THE IMPACT OF ACCREDITATION ON THE GROWTH OF ACADEMIC LIBRARIES IN NIGERIA.

Author:Adetunla, Gbenga
 
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INTRODUCTION

Accreditation of programmes in higher institutions of Nigeria was designed by the National University Commission (NUC) to sustain quality of education and promote academic excellence among Nigeria University. For a university to be addressed as a world class citadel of knowledge, such university must possess a combination of special space, operational modalities and appropriate facilities. Such facilities to include, functional laboratories, classrooms, library and conducive learning environment (Omolewa 2010). The decline of cash inflow from crude oil in Nigerian has significantly puts a strain on government to fund and meet the increasing demands and requirements of university education in Nigeria. The library being the knowledge base and the heart of any academic institution which determines the intellectual vitality and the academic excellence of any university has been bedeviled by The dwindling budgetary allocation awarded her and has caused a decline in the way the libraries run their services and meet the information needs of their users thereby putting the libraries in a deplorable state.

However, there has been struggle upon struggles by the Academic Staff Union of Nigerian Universities (ASSU) in ensuring a gross improvement of the deplorable state of infrastructural developments on Nigerian University campuses. The efforts of ASSU have further stressed the federal government of Nigeria to empower the National University Commission (NUC) to lay down Maximum Academic Standards (MAS) for universities in the federation and to accredit their degrees including other academic awards. (Okojie 2008). Accreditation exercises since it started in 1991 continue to remain as the savior from total collapse of tertiary education in Nigeria. Accreditation now occupies the position of the "old almighty May/June West Africa Examination Council (W.A.E.C). examination" for the Vice-Chancellors, Rectors and Provosts of higher institutions in Nigeria which has compelled them to be on their toes year round in the area of accountability, productivity and the delivery of qualitative education across boards.

It therefore becomes imperative to evaluate the process of programs accreditation in Nigeria Universities to ensure that the process is meeting its set purpose which is to ensure a uniform Maximum Academic Standards and how it has helped the growth of Nigerian Universities. Fabunmi (2013) positioned that the academic health, intellectual vitality and effectiveness of any university depends largely upon the increasing growth of the library. Agboola, (2000) opined that no university can lay claim to academic excellence without a good library to back up its teaching, research and public service mandates. It is on this premise that this study investigates the impact of accreditation on the growth of academic libraries in Nigeria.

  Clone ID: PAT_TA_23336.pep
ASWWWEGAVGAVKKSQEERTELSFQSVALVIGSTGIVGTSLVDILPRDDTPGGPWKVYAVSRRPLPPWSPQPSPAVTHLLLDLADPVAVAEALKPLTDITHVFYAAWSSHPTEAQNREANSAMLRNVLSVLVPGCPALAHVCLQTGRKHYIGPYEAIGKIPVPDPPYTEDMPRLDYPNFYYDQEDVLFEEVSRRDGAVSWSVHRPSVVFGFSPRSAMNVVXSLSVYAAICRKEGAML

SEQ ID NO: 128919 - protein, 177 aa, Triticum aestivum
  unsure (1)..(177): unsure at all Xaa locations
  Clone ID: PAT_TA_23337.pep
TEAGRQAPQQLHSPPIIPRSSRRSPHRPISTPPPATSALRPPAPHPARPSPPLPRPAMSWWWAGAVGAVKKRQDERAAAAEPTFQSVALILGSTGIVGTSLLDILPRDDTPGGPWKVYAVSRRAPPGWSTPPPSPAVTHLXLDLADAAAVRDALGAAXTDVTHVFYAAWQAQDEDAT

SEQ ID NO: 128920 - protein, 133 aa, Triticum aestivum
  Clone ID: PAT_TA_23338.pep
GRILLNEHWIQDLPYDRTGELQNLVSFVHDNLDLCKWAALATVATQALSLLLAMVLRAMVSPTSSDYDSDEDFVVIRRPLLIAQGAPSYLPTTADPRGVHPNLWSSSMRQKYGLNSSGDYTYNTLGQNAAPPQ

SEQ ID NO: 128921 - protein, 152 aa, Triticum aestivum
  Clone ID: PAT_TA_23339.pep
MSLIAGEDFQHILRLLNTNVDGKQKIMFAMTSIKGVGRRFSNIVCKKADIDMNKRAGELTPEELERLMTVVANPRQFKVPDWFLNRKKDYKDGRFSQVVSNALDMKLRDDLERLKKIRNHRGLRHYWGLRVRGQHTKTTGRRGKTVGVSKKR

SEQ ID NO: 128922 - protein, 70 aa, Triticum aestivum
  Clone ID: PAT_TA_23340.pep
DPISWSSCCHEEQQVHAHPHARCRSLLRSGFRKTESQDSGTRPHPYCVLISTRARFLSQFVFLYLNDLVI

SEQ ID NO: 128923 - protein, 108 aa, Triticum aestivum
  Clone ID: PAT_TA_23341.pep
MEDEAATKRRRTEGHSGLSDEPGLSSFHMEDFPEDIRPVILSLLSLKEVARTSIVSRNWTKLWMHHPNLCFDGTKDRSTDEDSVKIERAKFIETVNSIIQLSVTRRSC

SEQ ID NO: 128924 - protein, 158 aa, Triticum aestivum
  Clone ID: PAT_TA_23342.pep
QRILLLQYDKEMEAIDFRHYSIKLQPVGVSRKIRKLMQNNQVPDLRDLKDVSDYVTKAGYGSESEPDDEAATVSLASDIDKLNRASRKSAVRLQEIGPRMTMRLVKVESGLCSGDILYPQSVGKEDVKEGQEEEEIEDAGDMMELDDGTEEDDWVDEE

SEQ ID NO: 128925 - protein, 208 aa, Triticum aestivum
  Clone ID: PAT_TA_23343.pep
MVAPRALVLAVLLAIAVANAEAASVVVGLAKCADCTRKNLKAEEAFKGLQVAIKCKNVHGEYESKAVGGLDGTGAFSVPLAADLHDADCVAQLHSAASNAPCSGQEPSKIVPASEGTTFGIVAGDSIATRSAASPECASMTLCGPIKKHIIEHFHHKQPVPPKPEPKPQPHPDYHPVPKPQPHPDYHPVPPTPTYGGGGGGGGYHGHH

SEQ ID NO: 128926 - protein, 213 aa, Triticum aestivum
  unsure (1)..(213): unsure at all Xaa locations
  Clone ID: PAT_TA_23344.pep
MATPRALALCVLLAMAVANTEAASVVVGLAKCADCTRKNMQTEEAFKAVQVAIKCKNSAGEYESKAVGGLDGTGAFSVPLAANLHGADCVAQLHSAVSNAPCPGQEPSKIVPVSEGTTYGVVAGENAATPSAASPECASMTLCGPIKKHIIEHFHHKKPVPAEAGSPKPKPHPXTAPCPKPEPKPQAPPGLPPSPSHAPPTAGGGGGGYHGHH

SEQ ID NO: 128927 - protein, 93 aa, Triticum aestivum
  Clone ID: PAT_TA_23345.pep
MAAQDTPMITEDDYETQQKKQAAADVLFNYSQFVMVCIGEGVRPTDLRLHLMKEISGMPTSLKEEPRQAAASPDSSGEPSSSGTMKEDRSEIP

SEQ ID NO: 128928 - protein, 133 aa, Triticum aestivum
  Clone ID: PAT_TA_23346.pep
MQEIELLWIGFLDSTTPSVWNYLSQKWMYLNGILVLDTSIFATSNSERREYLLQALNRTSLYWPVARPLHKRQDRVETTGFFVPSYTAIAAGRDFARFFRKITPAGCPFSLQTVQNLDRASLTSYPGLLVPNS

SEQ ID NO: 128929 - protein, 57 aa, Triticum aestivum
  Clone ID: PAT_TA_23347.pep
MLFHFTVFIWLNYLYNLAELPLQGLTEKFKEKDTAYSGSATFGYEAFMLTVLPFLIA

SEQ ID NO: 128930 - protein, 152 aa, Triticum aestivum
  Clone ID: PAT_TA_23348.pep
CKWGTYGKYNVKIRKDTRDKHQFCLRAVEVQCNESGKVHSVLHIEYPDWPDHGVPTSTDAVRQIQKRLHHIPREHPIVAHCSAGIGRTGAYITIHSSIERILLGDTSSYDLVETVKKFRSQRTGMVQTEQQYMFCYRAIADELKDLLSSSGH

OBJECTIVE OF THE STUDY.

The general objective of the study is to examine the impact of accreditation on academic library growth in Nigeria.

The specific objectives are to:

1 find out if accreditation is improving the funding status of the academic libraries in Nigeria?

2 investigate how accreditation exercise has benefited academic libraries in Nigeria.

3 find out the challenges facing the academic libraries in Nigeria when there is no accreditation.

RESEARCH QUESTIONS

1 Does accreditation of programmes in the university improve the funding of the library?

2 How has accreditation of programmes benefited the library?

3 What are the problems encountered by the library when there is no accreditation of programmes?

LITERATURE REVIEW

University education in Nigeria was a follow up to the demand of post primary education following the establishment of secondary schools, the first being the church missionary society grammar school, founded in Lagos in 1859. Fafunwa, (2010) reported that the beginning of higher education for our people date as far back as the time of the abolition of slavery and the resettlement of the freed slaves in Freetown, Sierra Leone in the late eighteenth century. The delegation of the Elliot commission submitted its report in 1945 which led to the establishment of university colleges in Nigeria. In 1948, University College Ibadan was established which marked the beginning of university education in Nigeria. Fafunwa, (1971) asserted that, higher education in the Nigerian context has grown in importance from a profitable pastime for a handful of research scholars in the 1950' to a preoccupation of millions of Nigerians in the 1960's which he sees as the sine qua non of Nigeria development.

Obanya, (2010) reiterated that, for a university to be addressed as a world class university needed to belong to a unique 'universe'--that combination of special space, operational modalities, appropriate facilities, global outreach and collegiate atmosphere that is most conducive for the pursuit of its triple mandate of ,knowledge generation (or research), knowledge transmission (or teaching) and knowledge application (or Responsive social engagement).Pinto (2008) submitted that within the context of the current knowledge and living society in European higher education, academic libraries have witnessed evolving transformation. The libraries are becoming resource centers for permanent learning and research, focusing their efforts on the access and supply of information.

Omolewa (2010) opined that the challenges facing university education in Nigeria include improving the learning environment in the form of libraries...

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